5 Immediate Strategies for Lowering Equipment Maintenance Costs
The cost of equipment maintenance can be the largest expense in an operation of any size. In some cases, these maintenance management costs can be greater than their entire net profit for that year. Owners, managers, and supervisors are constantly on the lookout for ways to reduce these costs. It can seem impossible to cut costs without sacrificing machine maintenance. However, the right strategies can make a difference. In this new series, we will show you how to cut equipment maintenance costs immediately.
- Use The right technology
You can immediately improve the productivity and efficiency of your maintenance processes by utilizing the right tools. Current computerized maintenance management system (CMMS) technology can help track, manage, and control all your processes in one place. They have the capability to integrate with existing systems to help your equipment operate within your specifications. It can be inexpensive and quick for your operation to leverage or build on this technology to streamline your procedures. The tech can even tell you when it’s the optimum time to perform maintenance on equipment, based on its past and current performance.
- Create or Improve Upon Your Lubrication Procedures
Lubricants are a vital component of keeping all moving equipment running correctly while maximizing its lifecycle. When implementing lubrication procedures, these are some of the key factors:
- All lubrication should separate the connecting parts with fresh lube.
- Ensure that pipes and other means of delivering lube are not blocked.
- Operating temperature should remain below the lubricant viscosity’s critical value.
- Measure the lube temperature against its viscosity graph to prove it is within the correct temperature range.
- Lubricant should always clean when leaving storage and remain that way throughout its working life. It is vital that no dirt, water, or other contaminants come into contact with the lube at any time, as it can cause more damage to equipment than the old lube.
Lubrication procedures should also include a schedule for each piece of equipment, its individual procedure, deadline, and the person or department responsible for lubrication.
- Eliminate Soft Foot
Soft foot is defined as any condition where imperfect surface contact is made between the machine’s feet and the base plate’s surface or frame, or something similar to having a wobbly table. You can keep this stress and distortion from affecting vital machine parts by aligning shafts on a regular basis. This removes the forces caused by an unstable surface from banging the machine or forcing it to operate with excessive vibration. Removal of soft foot also removes the distortion to internal parts that results from deformed housings and frames.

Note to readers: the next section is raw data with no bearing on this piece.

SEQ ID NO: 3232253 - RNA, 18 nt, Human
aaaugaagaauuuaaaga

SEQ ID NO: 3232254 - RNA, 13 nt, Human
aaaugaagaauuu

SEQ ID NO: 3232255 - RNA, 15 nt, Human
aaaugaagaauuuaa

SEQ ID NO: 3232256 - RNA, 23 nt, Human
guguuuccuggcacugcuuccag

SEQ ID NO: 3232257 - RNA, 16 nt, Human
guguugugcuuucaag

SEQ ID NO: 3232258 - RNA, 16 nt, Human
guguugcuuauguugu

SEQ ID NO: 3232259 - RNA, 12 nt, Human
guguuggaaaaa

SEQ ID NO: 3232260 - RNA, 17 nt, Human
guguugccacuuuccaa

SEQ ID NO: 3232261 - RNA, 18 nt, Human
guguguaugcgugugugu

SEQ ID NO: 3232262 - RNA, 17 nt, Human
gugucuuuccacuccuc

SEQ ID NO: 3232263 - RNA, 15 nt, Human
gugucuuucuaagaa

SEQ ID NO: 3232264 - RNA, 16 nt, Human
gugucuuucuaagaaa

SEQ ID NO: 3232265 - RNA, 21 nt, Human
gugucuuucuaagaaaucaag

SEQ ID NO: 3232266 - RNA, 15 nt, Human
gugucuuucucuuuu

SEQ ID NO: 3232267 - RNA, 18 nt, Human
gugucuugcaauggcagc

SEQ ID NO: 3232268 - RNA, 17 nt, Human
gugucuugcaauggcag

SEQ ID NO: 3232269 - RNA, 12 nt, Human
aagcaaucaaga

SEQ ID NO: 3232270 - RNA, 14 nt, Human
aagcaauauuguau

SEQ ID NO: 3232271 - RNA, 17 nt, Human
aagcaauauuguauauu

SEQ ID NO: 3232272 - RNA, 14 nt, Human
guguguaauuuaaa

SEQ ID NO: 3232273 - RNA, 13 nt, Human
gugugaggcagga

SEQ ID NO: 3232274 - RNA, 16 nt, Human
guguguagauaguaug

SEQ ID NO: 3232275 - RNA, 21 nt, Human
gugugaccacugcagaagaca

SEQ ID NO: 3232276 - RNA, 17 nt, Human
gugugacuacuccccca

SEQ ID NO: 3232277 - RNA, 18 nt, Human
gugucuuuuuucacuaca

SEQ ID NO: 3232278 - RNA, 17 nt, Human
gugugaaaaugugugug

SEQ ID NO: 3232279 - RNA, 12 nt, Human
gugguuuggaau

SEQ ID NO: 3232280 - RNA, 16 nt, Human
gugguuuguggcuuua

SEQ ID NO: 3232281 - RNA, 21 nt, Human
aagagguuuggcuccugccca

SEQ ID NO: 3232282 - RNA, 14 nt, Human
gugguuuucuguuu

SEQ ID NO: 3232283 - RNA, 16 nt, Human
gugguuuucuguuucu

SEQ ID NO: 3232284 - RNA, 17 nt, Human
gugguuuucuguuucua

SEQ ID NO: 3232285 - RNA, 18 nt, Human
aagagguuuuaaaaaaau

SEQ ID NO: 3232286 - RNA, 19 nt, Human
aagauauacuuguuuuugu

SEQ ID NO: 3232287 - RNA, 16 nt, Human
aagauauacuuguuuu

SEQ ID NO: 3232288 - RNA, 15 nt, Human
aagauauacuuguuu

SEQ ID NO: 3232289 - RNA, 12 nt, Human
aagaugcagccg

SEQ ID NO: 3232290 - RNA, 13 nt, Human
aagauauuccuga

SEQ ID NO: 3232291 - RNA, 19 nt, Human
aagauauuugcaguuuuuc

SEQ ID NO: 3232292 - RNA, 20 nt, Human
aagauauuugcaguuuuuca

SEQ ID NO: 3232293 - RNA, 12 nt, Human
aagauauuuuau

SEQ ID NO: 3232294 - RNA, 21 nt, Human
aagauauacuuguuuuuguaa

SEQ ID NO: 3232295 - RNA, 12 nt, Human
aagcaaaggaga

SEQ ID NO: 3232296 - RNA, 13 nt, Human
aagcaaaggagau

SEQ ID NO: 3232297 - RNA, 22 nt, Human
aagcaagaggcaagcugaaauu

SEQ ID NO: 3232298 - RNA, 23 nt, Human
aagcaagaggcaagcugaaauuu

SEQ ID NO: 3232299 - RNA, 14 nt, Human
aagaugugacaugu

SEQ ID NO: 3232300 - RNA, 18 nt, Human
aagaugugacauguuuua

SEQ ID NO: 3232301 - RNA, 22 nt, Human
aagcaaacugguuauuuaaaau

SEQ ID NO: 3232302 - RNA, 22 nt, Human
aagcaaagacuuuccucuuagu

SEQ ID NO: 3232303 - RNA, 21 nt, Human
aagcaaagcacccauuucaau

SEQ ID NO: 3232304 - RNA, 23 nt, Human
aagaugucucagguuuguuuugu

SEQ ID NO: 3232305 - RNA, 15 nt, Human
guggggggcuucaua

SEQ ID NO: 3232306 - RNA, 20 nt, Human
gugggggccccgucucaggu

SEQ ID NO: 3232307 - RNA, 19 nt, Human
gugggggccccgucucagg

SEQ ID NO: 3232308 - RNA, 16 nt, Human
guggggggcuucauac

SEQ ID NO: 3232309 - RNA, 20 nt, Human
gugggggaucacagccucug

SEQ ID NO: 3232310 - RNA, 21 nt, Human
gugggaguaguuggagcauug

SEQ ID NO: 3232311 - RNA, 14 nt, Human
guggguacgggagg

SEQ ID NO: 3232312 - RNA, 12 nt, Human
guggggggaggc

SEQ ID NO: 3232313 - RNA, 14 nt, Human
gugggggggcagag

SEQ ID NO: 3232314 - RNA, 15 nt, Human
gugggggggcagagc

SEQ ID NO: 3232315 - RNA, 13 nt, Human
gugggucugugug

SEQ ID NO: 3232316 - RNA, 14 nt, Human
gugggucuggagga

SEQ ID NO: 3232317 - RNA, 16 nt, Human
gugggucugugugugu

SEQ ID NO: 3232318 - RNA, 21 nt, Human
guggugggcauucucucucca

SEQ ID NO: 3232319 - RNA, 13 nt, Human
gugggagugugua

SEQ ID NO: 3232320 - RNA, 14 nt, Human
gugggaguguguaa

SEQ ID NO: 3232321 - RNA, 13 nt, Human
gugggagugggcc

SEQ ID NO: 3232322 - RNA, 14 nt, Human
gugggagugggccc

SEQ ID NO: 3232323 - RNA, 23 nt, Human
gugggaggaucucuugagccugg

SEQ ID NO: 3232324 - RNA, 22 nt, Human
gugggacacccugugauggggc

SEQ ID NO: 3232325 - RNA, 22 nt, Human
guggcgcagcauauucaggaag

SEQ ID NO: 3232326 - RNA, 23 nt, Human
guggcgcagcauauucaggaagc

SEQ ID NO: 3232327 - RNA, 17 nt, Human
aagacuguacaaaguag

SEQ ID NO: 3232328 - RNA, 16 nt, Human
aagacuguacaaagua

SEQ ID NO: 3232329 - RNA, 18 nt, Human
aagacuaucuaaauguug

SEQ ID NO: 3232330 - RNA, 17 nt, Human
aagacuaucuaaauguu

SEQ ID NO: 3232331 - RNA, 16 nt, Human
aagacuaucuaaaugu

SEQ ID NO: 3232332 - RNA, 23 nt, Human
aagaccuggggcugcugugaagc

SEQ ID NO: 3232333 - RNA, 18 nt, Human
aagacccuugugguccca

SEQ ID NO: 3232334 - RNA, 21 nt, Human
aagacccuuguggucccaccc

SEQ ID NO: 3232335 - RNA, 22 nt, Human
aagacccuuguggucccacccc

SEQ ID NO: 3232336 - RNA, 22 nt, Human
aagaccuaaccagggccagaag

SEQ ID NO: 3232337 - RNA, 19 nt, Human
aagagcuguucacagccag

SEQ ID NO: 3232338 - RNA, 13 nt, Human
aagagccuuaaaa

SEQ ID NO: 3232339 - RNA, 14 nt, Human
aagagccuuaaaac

Shaft alignment is often done best by laser alignment, but some equipment can also be aligned with a reverse dial indictor. All alignments should be performed by trained professionals and all results should be confirmed before the equipment is put back into use.
- Develop a Base Crew
Assign a specific number of personnel to a base maintenance crew. Resistance may come from the change, which is why good leadership and training is essential. In time, many of those in the new crew can find the new project assignments are more interesting than the traditional maintenance routines. The base crew strategy requires careful planning, some special training, and experienced supervision. It can be a beneficial strategy when weighed against the savings earned by avoiding disasters.
- Know Your Contractors
It is inevitable. Your operation is going to need contractors to perform the tasks your regular crew can’t. This is especially true during shutdowns and turnarounds. It is essential you get to know their most experienced people and get their advice on fixing any issues you may have or face in the future. It is also important to have contractors who are available around the clock in order to answer your questions or see to any disasters that may arise. Contractors can also be useful in helping solve problems that continually arise, as your strategy may not be working. For example, your vendor’s technical specialist knows the equipment they sold you better than your staff. They know how it was designed, what issues can arise with the equipment, as well as the best ways to fix it.
AMACS is a trusted supplier to the petrochemical, refining, chemical, and gas processing industries that offers solutions in the design and manufacture of separation and mass transfer equipment. We also have the ability to advise the correct “replacement in-kind equipment” of hardware, trays, packing, and mist eliminators for towers, regardless of the original manufacturer. The team is available 24/7 to quickly service planned or unplanned shutdowns while speedily manufacturing items from our Texas facilities.